- How to achieve the Exeter Award
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University of Exeter RAG
The X-Media radio studio
Students collecting for charity in Exeter.
You can count any bona fide volunteering placement with a recognised charity/community organisation in any country towards your Award, providing you completed the relevant hours in that role after you started at University.
The following is a list is of volunteering activities on campus that can count towards your award (NB. this is not a definitive list):
- Volunteering activity with RaG
- Volunteering with Exeter Student Volunteers
- Grand Challenges Student Leader
- Volunteering activity with X-Media
- Helping to run/facilitate a Guild Society or FXU Society e.g. by being a committee member
- Peer mentors and listener volunteers for presentation performance anxiety support project
- Student Focus Groups
- Facilitating music or sport
- Participating in a Students as Change Agents project
- International Summer School buddy scheme (for more info please email Lucy Thompson)
- Active EUOTC member
- Probation Service Placement
- Sports Volunteering Scheme
- SSLC Rep (email email@example.com for more info)
- Students Associates Scheme
- Student Mentor or Peer Leader
- Student Ambassadors Scheme
- Welcome Teams & hosts/guides on UCAS open days
- Bill Douglas Centre
- Physics buddy scheme Wiser
- Buddy Up scheme for Psychology and Biosciences students
- Exeter Care Homes Reading Project (English Department) - email Dr Johanna Harris for further details
- Other verifiable volunteering activity - If you want to know whether the voluntary work that you are undertaking will be accepted as part of The Exeter Award, please ask us a question through My Career Zone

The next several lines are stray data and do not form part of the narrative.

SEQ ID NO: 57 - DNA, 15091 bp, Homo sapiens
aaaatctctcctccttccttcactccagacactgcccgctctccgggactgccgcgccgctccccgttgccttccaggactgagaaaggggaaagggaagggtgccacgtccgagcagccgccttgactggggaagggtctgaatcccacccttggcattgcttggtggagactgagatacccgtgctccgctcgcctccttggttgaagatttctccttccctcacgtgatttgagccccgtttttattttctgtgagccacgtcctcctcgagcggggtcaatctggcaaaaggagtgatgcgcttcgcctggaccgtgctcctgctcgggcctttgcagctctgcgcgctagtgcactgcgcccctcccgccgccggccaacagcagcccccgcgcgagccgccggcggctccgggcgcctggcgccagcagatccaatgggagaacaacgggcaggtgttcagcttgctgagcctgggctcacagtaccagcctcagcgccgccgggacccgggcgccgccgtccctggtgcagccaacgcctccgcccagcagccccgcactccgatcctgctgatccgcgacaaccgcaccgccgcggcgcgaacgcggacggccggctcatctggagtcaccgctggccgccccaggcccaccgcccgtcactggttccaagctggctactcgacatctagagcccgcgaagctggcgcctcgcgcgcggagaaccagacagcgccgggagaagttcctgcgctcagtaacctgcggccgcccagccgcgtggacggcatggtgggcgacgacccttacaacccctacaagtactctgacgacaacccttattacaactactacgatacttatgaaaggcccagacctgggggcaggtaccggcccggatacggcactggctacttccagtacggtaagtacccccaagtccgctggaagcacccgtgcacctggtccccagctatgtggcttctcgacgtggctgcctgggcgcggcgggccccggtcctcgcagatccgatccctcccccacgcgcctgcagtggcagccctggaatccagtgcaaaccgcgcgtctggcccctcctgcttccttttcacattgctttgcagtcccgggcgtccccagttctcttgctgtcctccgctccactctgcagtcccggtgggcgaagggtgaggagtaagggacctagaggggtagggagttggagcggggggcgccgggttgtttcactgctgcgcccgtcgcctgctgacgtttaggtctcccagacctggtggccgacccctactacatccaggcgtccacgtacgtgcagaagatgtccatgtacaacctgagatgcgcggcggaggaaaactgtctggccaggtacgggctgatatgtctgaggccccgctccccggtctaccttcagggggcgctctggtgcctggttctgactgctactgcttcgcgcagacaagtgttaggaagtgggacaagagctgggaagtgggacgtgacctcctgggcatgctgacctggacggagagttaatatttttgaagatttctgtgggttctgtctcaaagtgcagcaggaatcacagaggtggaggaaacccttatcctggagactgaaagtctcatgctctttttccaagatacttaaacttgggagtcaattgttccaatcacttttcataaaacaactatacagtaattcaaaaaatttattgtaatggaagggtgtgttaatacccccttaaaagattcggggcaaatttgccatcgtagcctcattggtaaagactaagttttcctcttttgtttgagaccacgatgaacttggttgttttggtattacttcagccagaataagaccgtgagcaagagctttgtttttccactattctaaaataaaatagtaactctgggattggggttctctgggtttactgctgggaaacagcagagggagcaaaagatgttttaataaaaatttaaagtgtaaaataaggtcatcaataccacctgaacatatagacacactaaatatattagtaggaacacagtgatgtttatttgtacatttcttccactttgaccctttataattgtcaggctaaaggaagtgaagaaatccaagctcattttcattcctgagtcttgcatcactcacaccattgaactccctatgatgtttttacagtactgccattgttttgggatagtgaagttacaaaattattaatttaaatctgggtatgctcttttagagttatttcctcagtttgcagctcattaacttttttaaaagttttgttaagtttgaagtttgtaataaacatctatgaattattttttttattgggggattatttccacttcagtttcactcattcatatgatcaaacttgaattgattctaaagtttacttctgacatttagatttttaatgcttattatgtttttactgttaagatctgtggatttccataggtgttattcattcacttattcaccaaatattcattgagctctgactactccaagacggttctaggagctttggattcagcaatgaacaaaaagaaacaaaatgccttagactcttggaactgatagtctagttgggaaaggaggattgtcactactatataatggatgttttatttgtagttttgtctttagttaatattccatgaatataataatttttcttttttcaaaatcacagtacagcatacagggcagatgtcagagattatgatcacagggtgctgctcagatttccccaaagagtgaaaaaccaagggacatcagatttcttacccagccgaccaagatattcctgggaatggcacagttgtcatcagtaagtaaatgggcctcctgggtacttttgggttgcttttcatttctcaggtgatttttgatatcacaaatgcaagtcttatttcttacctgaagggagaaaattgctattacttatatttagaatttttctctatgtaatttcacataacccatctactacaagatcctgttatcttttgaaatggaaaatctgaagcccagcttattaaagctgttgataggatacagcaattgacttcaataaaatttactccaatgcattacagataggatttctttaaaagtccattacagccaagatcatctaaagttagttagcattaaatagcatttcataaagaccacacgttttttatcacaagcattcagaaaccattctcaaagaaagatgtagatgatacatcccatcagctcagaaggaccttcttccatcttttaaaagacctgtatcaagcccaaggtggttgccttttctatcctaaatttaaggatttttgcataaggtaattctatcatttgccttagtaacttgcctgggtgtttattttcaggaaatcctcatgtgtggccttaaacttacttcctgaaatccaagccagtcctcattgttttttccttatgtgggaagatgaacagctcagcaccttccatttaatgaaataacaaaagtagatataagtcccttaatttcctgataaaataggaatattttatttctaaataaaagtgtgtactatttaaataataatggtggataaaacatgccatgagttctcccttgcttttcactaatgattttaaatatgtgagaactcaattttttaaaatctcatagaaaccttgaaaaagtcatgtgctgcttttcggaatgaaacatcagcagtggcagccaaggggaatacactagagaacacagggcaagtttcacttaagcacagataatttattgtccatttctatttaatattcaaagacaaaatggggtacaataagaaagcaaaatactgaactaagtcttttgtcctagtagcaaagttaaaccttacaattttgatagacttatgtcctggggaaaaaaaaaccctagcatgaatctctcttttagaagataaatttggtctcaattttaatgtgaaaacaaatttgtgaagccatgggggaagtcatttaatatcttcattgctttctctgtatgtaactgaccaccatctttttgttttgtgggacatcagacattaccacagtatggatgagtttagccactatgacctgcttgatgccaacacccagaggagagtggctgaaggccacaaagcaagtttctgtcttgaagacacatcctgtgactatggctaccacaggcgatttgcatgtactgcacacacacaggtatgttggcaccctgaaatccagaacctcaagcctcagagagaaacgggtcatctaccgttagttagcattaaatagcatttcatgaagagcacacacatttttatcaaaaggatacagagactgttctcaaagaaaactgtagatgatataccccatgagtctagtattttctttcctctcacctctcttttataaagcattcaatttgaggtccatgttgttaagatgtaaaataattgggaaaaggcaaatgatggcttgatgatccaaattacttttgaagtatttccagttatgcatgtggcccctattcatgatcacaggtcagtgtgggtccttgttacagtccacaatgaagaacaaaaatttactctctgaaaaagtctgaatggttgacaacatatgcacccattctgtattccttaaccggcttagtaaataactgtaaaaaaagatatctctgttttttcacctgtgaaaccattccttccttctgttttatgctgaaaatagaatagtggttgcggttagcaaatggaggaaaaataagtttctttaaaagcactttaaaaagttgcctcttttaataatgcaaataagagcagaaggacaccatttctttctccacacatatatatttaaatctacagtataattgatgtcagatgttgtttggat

- Archive Service opportunities, Tremough campus
- Students' Green Unit
- Peer Assisted Language Learning (PAL)
There are a great many volunteering opportunities available through the Students' Guild Exeter Student Volunteers scheme. You can sign up and search for opportunities, which will then contribute to your Exeter Award.
Facilitating music means contributing something definite to the functioning or organisation of a musical ensemble or society, eg:
- Setting up a new group
- Directing, teaching (e.g. clarinet choir beginners) or conducting
- Helping with the organisation of a non-society ensemble
- Holding any committee post in a Musical Society
Playing 15th flute in concert band cannot, on its own, be counted towards your 35hrs, you have to be actively enabling your peers to make music.
If you are not an elected officer of a society, but can demonstrate that you have spent the required number of hours assisting in the running of societies/ensembles as a volunteer, (driving the minibus, distributing hundreds of concert fliers, bowing parts, for example) then these things can also be counted provided you can document them.
Facilitating sport means making a quantifiable difference by organising, promoting or improving a club. Playing a match or training does not count but all the options below will,
- Undertaking/leading a coaching session
- Attending a coaching course/workshop related to learning how to play
- Attending specific seminars on nutrition/time management/drug awareness etc.
- Players attending sports science testing/S&C sessions which are not 'playing' but specific training and conditioning to aid with the 'facilitation of playing'